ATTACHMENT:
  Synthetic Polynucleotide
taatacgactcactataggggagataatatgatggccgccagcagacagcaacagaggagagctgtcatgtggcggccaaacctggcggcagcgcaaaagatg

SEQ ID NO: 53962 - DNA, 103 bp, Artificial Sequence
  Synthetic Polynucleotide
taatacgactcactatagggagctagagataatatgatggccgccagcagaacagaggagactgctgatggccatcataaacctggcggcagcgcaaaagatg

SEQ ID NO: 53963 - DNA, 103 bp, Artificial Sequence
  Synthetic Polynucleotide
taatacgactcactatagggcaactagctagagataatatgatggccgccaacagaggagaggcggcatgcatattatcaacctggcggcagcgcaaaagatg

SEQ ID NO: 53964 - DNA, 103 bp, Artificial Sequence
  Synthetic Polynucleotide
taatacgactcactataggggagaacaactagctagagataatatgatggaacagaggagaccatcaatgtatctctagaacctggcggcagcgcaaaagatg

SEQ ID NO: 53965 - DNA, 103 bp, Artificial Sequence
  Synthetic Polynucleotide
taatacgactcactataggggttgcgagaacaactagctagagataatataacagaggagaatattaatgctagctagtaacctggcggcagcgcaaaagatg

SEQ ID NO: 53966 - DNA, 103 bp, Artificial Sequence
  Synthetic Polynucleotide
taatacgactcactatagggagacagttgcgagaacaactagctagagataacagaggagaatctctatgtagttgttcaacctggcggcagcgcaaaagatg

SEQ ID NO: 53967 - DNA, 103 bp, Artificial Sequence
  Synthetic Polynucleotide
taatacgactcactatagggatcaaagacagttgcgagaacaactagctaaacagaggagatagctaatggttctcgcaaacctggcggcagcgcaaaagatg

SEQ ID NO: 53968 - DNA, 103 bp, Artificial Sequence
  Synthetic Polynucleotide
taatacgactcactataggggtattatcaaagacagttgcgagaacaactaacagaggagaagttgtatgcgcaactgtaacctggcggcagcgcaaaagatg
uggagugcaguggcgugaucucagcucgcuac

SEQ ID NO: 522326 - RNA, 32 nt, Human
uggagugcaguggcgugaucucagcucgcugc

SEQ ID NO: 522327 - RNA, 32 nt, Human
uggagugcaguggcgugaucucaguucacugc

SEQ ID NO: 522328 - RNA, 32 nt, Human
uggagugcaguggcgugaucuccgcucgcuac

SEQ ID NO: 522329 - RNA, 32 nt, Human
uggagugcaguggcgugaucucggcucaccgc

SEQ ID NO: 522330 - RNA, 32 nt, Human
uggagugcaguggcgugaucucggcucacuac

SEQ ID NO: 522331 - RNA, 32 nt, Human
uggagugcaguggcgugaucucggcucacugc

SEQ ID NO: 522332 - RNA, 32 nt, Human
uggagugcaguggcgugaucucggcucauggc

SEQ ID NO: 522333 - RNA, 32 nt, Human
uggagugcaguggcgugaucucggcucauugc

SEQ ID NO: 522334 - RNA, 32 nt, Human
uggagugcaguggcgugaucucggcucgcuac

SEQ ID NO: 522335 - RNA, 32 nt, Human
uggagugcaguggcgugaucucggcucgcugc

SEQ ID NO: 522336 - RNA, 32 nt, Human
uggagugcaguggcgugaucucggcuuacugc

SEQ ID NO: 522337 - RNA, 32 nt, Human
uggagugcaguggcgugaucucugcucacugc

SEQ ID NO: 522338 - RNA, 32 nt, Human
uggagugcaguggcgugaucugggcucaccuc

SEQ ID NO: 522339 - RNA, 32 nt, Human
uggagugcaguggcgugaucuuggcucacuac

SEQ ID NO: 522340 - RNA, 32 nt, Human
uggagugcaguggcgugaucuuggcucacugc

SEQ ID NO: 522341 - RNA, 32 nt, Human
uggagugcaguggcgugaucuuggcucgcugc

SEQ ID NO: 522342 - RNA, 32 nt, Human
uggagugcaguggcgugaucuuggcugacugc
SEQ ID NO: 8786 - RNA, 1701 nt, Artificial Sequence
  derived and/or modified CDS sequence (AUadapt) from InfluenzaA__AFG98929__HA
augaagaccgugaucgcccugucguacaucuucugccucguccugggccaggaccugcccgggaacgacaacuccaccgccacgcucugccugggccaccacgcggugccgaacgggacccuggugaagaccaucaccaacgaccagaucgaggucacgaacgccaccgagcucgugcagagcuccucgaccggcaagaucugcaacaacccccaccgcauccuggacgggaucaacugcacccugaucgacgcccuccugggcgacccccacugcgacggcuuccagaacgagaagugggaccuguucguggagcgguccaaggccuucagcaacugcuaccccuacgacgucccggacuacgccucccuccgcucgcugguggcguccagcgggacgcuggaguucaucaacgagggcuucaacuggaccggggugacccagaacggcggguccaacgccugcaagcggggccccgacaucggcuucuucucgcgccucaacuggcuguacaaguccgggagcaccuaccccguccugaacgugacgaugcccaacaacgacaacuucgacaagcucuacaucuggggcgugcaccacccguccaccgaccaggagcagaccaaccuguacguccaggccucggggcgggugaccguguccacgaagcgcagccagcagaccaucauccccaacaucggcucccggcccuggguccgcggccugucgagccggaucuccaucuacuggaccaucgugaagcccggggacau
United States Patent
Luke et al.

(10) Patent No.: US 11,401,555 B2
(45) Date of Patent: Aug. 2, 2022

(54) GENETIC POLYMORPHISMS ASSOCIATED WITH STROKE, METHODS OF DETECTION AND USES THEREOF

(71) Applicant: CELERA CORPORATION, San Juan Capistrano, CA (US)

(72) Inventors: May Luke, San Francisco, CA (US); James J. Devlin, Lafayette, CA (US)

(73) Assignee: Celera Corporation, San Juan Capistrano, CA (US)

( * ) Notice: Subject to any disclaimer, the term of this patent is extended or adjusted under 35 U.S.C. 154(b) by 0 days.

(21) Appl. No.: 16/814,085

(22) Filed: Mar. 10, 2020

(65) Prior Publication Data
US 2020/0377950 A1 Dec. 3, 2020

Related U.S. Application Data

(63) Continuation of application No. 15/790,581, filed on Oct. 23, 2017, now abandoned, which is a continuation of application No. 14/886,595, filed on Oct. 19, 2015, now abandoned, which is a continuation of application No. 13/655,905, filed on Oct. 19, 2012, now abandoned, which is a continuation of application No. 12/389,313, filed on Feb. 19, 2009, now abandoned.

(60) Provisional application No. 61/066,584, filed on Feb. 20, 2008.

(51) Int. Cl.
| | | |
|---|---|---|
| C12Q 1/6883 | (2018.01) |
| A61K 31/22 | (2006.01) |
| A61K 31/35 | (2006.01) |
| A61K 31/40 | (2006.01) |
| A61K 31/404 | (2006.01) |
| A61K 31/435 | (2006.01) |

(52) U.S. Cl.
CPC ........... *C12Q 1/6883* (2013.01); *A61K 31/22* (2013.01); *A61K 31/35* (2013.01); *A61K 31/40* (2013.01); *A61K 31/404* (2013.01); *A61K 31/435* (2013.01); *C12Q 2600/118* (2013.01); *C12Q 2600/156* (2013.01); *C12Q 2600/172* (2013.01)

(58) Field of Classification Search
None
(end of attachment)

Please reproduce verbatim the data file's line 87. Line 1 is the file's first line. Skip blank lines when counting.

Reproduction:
(52) U.S. Cl.